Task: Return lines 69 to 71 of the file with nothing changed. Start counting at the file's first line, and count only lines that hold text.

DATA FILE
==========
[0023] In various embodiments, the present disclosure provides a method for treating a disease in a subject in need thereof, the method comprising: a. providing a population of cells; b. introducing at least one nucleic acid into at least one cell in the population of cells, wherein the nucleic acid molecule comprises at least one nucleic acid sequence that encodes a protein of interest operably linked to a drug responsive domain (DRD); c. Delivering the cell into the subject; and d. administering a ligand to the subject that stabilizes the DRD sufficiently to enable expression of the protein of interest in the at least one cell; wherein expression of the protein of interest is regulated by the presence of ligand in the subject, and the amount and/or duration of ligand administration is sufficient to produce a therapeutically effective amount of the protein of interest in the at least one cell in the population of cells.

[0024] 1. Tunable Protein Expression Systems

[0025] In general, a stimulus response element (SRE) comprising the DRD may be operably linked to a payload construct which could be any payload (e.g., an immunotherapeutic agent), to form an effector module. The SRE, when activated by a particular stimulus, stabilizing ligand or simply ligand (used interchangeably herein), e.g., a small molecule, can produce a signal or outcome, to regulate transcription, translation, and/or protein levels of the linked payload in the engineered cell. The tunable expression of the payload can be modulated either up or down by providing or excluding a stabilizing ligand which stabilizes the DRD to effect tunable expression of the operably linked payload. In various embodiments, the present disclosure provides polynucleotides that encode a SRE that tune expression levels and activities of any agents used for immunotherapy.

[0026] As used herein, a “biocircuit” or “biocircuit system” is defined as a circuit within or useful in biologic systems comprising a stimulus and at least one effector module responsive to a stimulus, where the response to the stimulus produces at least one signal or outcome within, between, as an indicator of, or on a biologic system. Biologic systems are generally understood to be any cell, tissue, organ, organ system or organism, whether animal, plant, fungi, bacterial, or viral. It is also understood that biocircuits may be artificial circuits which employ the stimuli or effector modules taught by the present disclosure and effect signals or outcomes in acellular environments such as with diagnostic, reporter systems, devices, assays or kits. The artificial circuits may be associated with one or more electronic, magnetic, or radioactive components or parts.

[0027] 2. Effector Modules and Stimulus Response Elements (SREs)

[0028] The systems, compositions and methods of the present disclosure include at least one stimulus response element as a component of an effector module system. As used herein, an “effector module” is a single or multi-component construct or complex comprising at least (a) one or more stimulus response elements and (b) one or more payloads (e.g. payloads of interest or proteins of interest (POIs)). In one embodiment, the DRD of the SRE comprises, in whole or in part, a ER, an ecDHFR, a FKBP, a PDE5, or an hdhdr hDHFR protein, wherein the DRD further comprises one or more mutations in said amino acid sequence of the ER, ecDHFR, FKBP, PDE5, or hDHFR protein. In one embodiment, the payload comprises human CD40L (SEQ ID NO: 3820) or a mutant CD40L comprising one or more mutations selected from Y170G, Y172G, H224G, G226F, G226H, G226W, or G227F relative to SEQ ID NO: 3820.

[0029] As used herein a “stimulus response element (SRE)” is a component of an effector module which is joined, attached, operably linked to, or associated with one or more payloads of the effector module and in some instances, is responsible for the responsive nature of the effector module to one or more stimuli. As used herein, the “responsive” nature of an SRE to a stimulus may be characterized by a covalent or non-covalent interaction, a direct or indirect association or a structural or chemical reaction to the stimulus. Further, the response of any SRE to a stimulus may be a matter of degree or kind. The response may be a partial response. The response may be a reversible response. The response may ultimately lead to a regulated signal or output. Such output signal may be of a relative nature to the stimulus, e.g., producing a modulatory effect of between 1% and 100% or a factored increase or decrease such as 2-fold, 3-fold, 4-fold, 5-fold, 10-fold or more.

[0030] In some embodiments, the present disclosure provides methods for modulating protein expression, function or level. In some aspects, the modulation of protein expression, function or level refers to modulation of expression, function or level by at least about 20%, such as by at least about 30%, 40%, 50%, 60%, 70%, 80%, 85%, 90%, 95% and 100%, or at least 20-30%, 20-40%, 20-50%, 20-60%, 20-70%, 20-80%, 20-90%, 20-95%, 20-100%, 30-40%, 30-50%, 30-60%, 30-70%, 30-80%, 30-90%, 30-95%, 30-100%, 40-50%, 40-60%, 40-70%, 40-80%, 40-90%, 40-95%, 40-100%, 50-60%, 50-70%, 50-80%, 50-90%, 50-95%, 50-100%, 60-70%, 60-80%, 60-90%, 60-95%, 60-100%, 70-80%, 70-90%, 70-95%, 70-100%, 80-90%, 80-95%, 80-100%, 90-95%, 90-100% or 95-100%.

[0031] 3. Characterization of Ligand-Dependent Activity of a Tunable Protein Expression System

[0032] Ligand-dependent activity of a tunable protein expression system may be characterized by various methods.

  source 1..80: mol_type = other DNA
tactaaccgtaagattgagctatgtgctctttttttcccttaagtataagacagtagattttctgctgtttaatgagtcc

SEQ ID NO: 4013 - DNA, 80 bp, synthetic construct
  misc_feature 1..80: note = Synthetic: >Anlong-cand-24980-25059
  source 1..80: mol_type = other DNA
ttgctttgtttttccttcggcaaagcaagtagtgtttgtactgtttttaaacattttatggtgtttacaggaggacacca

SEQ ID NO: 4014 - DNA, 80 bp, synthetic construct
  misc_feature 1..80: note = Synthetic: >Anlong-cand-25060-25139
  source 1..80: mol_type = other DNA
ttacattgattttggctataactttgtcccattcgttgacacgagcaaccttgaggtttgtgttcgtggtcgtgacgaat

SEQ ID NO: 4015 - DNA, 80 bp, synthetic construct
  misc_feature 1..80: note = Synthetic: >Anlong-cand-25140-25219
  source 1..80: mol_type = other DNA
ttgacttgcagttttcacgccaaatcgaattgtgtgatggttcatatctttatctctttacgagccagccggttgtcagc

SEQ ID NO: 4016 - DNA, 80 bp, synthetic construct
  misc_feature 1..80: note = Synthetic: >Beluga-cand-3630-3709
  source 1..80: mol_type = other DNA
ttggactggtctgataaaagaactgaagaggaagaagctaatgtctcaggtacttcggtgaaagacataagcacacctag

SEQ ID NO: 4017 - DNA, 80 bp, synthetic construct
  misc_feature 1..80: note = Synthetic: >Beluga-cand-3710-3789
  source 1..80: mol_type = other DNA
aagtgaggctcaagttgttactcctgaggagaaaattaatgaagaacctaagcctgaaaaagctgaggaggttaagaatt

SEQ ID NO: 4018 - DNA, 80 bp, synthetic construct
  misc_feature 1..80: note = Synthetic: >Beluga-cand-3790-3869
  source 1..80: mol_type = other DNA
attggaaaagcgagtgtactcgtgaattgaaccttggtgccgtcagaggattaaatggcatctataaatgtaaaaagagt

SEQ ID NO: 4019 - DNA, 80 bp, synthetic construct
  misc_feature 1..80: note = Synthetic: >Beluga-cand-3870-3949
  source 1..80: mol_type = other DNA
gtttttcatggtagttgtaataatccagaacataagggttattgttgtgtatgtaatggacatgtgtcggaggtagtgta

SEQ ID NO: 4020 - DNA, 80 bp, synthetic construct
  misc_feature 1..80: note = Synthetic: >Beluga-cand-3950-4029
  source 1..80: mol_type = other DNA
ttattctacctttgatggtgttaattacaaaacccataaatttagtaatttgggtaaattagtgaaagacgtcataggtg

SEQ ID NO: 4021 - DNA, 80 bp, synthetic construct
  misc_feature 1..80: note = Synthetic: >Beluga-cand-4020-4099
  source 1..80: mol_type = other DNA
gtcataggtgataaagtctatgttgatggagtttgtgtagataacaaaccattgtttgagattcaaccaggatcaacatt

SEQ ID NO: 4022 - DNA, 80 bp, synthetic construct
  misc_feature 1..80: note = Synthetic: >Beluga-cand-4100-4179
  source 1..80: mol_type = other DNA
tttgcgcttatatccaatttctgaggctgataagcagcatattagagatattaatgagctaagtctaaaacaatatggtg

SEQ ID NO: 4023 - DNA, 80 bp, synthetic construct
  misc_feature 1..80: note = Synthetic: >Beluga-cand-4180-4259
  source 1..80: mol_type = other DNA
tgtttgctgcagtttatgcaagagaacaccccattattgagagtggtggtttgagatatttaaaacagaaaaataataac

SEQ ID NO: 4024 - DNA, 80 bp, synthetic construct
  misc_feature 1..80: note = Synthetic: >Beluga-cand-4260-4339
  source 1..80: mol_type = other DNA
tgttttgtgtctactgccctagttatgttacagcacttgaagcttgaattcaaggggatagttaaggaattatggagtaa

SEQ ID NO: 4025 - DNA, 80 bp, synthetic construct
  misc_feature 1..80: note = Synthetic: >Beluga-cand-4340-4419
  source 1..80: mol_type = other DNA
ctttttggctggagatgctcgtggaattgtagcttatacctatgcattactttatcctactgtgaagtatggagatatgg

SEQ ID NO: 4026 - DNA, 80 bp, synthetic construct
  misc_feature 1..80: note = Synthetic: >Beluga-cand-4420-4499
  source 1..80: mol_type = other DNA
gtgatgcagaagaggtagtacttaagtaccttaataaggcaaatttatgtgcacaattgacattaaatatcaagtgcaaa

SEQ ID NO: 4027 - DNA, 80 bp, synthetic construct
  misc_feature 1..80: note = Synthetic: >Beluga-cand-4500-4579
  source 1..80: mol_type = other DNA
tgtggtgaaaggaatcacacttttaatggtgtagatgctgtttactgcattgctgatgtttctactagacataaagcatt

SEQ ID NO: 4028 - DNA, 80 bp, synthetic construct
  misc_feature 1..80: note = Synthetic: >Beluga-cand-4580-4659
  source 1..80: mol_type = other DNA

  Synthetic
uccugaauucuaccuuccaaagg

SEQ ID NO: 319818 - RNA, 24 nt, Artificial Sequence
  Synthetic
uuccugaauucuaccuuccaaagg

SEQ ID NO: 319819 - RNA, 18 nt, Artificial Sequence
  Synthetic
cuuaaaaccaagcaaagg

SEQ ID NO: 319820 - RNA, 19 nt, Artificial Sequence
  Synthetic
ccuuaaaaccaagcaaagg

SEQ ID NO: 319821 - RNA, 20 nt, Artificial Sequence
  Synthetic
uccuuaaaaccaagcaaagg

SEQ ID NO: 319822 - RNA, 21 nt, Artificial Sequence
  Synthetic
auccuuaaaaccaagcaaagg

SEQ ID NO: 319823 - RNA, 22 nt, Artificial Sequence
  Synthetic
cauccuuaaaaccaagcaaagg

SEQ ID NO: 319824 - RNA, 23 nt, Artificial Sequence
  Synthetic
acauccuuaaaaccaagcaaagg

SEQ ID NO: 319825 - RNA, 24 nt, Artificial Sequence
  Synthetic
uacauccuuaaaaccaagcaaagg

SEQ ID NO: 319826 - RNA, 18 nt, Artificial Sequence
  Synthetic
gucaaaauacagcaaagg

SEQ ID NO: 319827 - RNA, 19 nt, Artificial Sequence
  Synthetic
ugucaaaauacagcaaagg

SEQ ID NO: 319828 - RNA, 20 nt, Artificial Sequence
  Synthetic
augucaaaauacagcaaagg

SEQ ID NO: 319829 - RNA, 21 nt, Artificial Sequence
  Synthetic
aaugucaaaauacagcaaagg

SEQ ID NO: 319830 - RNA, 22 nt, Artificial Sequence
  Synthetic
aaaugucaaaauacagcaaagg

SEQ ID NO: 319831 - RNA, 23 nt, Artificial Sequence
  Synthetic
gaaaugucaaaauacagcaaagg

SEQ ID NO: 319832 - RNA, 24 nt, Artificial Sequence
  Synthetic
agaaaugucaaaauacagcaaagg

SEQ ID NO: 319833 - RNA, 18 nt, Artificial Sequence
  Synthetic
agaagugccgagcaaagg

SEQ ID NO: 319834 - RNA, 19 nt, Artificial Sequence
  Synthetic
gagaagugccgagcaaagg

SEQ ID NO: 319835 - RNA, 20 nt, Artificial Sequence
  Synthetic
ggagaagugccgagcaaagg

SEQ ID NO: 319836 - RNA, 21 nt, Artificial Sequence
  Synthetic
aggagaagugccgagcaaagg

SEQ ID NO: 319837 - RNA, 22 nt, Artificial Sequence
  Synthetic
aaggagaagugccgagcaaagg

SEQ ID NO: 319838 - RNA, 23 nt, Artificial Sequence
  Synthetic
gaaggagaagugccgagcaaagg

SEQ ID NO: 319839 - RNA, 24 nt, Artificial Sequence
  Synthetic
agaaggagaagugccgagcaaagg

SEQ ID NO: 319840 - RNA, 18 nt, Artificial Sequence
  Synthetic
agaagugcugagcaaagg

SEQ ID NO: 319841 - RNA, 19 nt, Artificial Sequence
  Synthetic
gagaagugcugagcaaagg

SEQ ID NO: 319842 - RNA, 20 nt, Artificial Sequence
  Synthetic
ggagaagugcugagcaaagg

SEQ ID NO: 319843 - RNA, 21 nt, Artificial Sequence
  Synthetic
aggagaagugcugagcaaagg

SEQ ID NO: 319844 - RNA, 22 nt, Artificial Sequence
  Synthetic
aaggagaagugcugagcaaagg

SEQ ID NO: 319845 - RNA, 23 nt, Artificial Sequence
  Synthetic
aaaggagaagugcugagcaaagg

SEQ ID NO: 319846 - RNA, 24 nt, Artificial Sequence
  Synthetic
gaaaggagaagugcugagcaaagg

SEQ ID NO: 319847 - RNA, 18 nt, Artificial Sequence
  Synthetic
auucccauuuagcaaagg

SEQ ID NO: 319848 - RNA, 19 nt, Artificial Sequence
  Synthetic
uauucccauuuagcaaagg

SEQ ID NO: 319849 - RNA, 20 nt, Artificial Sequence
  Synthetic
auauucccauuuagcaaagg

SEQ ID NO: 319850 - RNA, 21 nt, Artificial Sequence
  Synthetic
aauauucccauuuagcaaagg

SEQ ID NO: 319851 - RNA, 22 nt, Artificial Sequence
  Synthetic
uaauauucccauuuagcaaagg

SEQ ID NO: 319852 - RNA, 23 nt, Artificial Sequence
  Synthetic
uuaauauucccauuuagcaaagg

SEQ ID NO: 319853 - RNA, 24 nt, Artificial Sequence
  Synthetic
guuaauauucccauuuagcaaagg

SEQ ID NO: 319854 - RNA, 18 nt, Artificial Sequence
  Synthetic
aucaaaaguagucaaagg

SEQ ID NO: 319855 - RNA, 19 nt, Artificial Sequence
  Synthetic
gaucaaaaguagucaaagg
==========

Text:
SEQ ID NO: 4027 - DNA, 80 bp, synthetic construct
  misc_feature 1..80: note = Synthetic: >Beluga-cand-4500-4579
  source 1..80: mol_type = other DNA